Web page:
Liquid crystal (LC) lenses offer novel opportunities for applications of ophthalmic lenses, camera modules, pico projectors, endoscopes, and optical zoom systems owing to electrically tunable lens power. Nevertheless, the tunable lens power and the aperture size of LC lenses are limited by the optical phase resulting from limit birefringence of LC materials. Recently, we developed a liquid crystal and polymer composite film (LCPCF) as a separation layer and an alignment layer for a multi-layered structure of LC lenses in order to enlarge the polarization-independent optical phase modulation. However, the physical properties and mechanical properties of the LCPCF are not clearly investigated. In this paper, we show the mechanical and physical properties of the LCPCF. The anchoring energy of the LCPCF is comparable with the standard rubbing-induced alignment layer. The transmission efficiency is around 97% neglecting the Fresnel reflection. The surface roughness is under 2 nm by using AFM scanning. The bending strength test indicates that the LCPCF can hold the LC material with reasonable deformation. We believe this study provides a deeper insight to the LC lens structure embedded with LCPCF.
A polarized liquid crystal (LC) lens composed of a LC layers as a polarization switch and a liquid crystal and polymer composites lens (LCPC lens) is demonstrated with electrically switching (ES) mode and optically rewritten (ORW) mode. The lens power of LCPC lens is related to a polarization state of light modulated by the LC layer whose orientations are manipulated either electrically or optically. As a result, the LC lens is not only electrically switchable, but also optically rewritable. Each mode, ES mode or ORW mode, exhibits two discrete lens powers (-1.39 Diopter and +0.7 Diopter). The demonstrated aperture size is 10 mm. The detail optical mechanism is also discussed. The Modulation Transfer Function (so-called MTF) of the lens is measured as well. In addition, the image performance and the dispersion of the LC lens are investigated. Such a polarized LC lens could be a special switch in optical systems due to dual operation modes.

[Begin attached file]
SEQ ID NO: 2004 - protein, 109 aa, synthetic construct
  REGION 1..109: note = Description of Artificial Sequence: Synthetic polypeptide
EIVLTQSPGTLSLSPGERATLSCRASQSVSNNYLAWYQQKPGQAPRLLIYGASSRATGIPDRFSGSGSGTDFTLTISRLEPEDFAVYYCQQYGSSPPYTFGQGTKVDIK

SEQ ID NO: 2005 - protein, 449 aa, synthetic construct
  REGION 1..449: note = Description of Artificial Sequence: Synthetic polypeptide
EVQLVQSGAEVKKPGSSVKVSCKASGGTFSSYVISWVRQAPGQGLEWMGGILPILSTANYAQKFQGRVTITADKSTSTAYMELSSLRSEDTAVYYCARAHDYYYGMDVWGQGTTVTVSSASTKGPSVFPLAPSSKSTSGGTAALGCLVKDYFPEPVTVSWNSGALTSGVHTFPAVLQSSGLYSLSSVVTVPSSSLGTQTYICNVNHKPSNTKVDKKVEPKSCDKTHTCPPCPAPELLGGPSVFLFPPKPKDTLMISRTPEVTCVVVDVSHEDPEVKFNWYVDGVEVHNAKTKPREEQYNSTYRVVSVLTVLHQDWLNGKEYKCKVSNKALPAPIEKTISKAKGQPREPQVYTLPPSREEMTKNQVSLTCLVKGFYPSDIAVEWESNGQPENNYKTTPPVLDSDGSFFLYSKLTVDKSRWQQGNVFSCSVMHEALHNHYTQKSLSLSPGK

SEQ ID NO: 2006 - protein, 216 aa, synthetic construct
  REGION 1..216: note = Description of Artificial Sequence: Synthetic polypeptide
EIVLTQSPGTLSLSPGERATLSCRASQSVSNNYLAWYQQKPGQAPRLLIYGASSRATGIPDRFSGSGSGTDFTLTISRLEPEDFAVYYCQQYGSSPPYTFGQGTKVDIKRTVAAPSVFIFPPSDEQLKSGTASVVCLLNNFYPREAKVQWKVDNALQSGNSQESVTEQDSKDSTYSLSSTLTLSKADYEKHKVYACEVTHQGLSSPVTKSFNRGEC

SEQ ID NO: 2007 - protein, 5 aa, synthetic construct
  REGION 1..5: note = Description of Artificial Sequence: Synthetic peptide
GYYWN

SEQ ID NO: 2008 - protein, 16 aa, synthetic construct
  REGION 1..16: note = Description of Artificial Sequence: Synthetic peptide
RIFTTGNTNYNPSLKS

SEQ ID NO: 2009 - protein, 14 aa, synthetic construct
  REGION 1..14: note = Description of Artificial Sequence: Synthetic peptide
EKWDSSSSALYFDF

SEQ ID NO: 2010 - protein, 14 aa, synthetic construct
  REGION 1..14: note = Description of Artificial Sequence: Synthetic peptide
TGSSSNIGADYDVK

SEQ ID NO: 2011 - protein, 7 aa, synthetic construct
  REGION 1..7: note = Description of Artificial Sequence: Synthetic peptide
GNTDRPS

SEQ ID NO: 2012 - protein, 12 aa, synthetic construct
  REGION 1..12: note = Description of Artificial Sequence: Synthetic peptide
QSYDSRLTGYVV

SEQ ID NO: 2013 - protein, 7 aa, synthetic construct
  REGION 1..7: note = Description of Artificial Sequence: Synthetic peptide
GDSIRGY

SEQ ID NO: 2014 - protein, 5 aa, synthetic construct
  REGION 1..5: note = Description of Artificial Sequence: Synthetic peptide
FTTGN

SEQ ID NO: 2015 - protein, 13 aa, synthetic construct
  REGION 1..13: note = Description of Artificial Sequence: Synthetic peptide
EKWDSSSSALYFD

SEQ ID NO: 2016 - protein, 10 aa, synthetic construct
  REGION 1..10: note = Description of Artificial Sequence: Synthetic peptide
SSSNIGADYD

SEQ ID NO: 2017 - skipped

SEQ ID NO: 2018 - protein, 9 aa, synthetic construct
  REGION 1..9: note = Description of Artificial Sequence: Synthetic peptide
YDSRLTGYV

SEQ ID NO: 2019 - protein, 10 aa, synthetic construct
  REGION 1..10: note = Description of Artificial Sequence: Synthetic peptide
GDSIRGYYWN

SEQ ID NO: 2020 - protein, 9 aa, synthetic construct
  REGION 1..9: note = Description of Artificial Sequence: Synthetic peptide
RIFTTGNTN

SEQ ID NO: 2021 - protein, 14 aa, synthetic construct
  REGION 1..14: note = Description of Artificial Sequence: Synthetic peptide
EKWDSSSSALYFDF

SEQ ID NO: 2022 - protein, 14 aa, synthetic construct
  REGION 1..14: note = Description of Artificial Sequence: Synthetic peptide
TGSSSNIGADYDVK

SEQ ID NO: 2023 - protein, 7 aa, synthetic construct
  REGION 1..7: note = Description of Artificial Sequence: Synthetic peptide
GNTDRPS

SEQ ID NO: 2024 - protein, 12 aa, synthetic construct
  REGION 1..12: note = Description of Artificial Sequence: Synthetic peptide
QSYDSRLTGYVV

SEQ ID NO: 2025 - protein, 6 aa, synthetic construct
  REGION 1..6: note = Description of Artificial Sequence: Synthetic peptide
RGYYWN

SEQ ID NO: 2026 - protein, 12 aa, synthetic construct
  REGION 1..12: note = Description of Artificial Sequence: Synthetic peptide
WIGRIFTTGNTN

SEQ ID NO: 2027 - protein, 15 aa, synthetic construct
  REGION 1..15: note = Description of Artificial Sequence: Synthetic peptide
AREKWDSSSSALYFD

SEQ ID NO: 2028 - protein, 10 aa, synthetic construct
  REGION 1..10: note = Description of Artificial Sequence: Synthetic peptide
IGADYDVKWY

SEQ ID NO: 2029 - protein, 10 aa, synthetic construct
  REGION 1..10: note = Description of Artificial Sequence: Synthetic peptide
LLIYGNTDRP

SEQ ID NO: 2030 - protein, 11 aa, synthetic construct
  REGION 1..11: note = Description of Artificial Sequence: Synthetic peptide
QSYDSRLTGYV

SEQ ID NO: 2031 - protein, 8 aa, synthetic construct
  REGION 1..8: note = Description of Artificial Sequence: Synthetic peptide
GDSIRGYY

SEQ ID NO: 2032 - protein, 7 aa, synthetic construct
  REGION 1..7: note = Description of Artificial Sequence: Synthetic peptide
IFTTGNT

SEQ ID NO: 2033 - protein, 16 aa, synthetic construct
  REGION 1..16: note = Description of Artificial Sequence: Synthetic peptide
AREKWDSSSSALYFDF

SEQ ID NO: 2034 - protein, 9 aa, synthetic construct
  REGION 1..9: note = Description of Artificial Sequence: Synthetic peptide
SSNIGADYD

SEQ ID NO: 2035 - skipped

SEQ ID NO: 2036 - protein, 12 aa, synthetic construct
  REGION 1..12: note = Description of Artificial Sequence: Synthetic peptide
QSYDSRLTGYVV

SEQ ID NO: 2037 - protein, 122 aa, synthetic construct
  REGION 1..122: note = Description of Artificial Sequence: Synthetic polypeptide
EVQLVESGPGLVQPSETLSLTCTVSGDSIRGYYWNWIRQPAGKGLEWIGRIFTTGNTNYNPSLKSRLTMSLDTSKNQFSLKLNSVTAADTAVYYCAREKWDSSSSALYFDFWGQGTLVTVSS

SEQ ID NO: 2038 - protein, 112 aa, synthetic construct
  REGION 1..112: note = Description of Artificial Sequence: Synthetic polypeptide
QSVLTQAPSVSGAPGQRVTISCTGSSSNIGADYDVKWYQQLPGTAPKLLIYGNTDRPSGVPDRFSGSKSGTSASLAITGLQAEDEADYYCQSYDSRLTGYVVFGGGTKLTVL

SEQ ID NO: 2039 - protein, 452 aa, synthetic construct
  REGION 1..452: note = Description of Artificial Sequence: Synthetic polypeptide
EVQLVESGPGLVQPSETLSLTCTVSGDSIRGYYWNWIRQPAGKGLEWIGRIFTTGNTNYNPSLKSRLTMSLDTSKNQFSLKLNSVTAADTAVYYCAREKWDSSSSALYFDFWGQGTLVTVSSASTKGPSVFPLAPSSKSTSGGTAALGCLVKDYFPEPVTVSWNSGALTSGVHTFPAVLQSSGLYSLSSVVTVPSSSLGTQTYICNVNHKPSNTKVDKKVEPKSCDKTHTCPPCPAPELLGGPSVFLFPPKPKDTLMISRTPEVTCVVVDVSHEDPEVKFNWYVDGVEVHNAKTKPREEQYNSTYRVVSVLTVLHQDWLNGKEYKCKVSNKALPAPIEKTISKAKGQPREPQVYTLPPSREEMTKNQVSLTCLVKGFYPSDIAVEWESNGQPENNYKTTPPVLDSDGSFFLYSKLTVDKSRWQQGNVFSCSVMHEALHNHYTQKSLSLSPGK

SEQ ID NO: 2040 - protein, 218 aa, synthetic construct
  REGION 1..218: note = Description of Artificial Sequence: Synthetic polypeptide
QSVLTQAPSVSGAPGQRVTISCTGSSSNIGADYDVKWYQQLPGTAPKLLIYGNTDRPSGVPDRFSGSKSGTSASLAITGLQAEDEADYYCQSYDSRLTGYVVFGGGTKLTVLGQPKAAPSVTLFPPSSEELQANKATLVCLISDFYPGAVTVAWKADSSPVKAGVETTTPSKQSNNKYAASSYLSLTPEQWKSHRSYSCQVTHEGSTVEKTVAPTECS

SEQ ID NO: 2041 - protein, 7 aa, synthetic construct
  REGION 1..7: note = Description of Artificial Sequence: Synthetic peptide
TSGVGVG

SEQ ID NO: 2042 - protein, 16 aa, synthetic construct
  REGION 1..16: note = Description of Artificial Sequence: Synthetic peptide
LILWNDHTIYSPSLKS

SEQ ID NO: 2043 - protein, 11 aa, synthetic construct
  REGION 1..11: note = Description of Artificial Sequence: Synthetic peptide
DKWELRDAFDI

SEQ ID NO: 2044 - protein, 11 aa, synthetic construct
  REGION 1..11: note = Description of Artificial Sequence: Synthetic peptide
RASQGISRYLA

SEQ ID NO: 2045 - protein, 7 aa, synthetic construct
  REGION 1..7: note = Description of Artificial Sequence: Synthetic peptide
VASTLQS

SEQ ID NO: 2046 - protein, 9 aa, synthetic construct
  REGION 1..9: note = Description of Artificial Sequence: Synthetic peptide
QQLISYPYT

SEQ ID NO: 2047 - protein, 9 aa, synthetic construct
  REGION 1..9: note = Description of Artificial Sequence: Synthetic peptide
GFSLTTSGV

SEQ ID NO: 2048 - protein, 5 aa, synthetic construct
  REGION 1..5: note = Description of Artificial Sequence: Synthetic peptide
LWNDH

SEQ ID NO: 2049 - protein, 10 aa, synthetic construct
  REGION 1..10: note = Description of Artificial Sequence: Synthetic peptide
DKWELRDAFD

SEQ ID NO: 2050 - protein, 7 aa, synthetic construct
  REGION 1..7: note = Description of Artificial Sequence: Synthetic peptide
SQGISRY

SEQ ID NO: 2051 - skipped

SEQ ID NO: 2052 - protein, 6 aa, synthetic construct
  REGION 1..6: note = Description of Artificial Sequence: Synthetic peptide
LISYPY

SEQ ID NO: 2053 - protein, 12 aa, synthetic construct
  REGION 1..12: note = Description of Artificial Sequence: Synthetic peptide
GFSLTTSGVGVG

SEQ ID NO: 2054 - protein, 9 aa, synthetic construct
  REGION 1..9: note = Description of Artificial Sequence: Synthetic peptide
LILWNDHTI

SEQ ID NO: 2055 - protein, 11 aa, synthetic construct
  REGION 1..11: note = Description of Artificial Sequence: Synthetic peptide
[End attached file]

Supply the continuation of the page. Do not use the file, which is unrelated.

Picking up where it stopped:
Large aperture and polarizer-free liquid crystal lenses (LC lenses) based on a double-layered structure for ophthalmic applications are demonstrated. The polarizer-free LC lens functions as both of a positive lens and a negative lens with large aperture size of 10mm. The lens power is electrically and continuously tunable ranging from -1.32 Diopter to 1.83 Diopter. To demonstrate the polarization independency, the wavefronts of the LC lenses under different polarized light were measured and discussed. The detail operations of the applied voltage and frequency are also discussed. The imaging performance of the LC lens is also evaluated. This study provide a detail understanding of the polarizer-free LC lenses based on a double-layered structure.